US 1992904 A
Description (OCR text may contain errors)
Feb. 26, 1935. J. PRESTON JAW BRACE Filed Sept. 6, 1932 INVENIOR.
J17: presrfom ATTORNEY.
Patented Feb. 26, 1935 UNITED STATES PATEN OFFICE John L. Preston, Wichita Falls, Tex.
Application September 6, 1932, Serial No. 631,868
This invention relates to surgical appliances for the treatment of fractures of the jaw.
Hereinafter, for convenience, the type of appliance to which the invention relates will be referred to simply as jaw brace but this is to be understood as illustrative only and not as in any way, a limitation upon the scope of the invention.
In present practice in cases of jaw fracture where bandages of various kinds are relied upon for the treatment ofthis condition it has been found difficult to prevent slippage of the bandages and discomfort to the patient.
My appliance has the advantage of giving maximum comfort to the patient and at the same time is very effective in producing satisfactory stability and firmly supports the fragments in their proper relation to each other which is necessary to the natural healing process.
The jaw brace is of simple construction and may be easily applied. It has the advantage of being relatively cheap to manufacture.
The object of this invention is to provide a jaw brace which will overcome the disadvantages of the appliances now in use, thereby adding to the comfort of the patient and aiding the healing process.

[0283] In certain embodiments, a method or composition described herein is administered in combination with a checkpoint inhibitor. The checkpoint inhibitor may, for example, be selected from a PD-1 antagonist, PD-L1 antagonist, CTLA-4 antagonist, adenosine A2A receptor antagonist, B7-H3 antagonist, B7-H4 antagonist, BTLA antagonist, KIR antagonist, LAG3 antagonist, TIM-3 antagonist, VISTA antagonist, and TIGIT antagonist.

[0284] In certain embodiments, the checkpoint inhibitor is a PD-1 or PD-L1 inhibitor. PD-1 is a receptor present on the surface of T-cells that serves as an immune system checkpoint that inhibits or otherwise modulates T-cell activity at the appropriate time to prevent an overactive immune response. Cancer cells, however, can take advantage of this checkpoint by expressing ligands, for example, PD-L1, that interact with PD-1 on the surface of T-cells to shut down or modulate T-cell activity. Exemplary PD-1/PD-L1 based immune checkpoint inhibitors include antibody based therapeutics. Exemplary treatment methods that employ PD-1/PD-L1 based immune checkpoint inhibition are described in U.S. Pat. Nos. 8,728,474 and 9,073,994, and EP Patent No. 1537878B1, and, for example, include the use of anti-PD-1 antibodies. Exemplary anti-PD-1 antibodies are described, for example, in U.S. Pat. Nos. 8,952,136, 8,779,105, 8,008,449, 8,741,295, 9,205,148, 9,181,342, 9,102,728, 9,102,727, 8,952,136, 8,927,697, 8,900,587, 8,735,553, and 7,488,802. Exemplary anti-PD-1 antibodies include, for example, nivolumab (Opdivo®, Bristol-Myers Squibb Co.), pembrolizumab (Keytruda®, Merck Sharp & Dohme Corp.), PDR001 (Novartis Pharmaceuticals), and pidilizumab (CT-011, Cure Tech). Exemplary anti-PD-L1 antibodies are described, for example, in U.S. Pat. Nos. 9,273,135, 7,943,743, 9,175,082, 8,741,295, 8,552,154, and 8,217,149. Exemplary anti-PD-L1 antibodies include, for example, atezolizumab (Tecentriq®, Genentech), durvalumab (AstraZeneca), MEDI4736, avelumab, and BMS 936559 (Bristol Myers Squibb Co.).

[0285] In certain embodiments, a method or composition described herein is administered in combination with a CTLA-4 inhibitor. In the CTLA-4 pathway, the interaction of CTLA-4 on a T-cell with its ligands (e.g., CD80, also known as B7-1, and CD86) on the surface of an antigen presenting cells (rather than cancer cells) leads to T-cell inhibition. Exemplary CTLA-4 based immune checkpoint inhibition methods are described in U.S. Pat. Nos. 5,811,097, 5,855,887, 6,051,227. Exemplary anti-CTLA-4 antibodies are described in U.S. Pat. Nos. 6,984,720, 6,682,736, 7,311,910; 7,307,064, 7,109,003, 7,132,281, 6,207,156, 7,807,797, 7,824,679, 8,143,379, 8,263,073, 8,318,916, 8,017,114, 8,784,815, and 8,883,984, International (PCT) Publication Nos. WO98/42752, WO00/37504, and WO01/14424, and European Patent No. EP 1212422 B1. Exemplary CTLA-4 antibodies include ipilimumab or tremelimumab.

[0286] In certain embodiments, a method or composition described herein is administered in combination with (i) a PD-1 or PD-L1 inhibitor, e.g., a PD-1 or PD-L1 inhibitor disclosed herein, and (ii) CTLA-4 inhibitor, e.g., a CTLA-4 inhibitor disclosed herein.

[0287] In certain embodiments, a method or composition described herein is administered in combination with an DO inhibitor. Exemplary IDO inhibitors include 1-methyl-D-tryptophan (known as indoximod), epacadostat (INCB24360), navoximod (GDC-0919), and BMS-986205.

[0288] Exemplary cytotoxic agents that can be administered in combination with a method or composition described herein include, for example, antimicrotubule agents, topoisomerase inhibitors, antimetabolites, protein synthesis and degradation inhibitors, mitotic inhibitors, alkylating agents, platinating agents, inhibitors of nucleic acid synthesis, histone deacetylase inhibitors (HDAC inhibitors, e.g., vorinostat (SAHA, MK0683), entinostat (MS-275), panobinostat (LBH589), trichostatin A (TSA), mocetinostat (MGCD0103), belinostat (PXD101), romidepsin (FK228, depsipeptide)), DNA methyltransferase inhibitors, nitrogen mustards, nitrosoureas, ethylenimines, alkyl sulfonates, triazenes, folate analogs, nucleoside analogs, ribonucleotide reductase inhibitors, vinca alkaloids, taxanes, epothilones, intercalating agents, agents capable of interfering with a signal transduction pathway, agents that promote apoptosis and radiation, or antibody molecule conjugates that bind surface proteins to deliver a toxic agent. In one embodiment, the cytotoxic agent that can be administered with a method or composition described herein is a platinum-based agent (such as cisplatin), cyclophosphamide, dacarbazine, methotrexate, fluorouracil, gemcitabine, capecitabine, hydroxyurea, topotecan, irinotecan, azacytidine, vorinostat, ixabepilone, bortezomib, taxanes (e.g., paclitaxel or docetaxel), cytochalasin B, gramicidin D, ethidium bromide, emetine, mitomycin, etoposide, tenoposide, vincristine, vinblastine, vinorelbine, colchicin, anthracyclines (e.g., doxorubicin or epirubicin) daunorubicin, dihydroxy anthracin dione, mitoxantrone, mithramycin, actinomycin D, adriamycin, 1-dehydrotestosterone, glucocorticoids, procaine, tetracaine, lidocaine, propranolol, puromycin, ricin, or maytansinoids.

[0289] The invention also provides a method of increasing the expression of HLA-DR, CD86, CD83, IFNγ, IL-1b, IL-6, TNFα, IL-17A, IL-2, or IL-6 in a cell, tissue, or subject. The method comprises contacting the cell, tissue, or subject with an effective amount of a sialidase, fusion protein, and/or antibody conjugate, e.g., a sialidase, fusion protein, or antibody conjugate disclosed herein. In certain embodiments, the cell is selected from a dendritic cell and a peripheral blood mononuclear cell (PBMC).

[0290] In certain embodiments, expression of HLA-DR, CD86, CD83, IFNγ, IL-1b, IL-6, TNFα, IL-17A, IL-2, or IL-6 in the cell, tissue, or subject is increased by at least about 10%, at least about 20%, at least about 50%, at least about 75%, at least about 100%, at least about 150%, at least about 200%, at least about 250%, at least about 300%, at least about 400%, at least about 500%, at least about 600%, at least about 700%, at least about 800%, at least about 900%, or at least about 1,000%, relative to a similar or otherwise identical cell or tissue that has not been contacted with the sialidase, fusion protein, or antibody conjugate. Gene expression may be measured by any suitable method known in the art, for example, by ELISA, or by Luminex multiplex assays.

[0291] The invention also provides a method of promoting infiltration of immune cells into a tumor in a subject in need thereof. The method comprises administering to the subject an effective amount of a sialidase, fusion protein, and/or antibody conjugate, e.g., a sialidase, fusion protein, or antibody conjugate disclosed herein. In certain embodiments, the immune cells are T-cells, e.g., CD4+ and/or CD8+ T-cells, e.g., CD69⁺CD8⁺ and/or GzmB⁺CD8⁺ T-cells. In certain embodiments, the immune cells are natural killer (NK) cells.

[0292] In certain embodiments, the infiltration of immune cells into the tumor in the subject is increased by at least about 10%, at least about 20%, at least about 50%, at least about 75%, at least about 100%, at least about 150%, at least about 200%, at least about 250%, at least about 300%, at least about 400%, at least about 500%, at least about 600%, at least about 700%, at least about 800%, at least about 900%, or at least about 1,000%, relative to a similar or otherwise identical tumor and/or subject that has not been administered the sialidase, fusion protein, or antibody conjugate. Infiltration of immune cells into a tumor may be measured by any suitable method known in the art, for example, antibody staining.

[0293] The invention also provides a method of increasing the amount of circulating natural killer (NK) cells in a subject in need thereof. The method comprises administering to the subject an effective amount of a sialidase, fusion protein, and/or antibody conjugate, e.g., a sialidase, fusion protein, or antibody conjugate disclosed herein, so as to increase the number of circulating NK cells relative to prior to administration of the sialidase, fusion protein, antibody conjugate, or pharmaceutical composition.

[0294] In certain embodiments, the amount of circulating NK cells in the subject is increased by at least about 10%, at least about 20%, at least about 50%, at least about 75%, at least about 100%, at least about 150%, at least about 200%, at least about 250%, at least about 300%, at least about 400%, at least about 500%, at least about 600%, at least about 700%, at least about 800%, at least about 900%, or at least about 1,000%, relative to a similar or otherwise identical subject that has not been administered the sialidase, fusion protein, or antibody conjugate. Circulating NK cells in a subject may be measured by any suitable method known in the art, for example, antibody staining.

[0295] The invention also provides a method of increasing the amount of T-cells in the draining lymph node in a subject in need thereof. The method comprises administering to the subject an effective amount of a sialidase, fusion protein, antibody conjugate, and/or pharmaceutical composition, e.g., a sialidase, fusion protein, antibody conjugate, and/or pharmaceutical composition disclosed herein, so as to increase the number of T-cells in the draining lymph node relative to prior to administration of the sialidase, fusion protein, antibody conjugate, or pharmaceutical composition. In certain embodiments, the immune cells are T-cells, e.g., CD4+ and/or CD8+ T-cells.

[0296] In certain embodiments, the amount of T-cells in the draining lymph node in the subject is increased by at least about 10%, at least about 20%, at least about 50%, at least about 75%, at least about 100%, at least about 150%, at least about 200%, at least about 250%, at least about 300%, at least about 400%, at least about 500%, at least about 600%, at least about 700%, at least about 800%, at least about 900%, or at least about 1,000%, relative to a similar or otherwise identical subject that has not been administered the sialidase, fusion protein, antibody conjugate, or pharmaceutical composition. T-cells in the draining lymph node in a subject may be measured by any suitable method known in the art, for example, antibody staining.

With this object in view, this invention consists in general, of the structural characteristics and combinations of parts illustrated in the accompanying one sheet of drawing, described in the following specification and particularly pointed out in the appended claims.
In the drawing wherein like characters of reference indicate like parts in the several views,
Figure 1 is a perspective view of the head cap and jaw brace, applied to the patient in operative position.
Figure 2 is atop or plan view of the head cap.
Figure 3 is a perspective view of the jaw brace.
Figure 4 is a cross section of Figure 3 thru the base of the jaw brace.
Referring in the first instance to that part of the invention shown in Figure 2, 1 is a head cap of material preferably such as an artificial leather-like fabric commonly known in the trade as Fabricoid or other suitable material, having webbing straps, 2, 3, 4, 5, 6, and 7 securely fastened to said cap at proper positions so that the cap will fit snugly to the head. Straps for supporting the brace (4, 5, 6, and 7) are fastened to the head cap in such a manner as to be conveniently fastened and secured to the brace and holding said brace firmly but comfort- (Cl; 12889) e ably in position. One strap 2 is stitched around the lower edge or rim of the head owl and is provided at the back with a buckle 8 permitting adjustmenj so that the cap may be adapted to fit various headsizes. Strap 3 is secured to 5 the head cap on, a center line from the front to rear terminating at a distance from the lower edge or rim, the remaining distance (1 being slit orcut permitting adjustment in the size of the cap; This strap 3 is rivetted to the cap by 10 means of eyelets which permits of ventilation.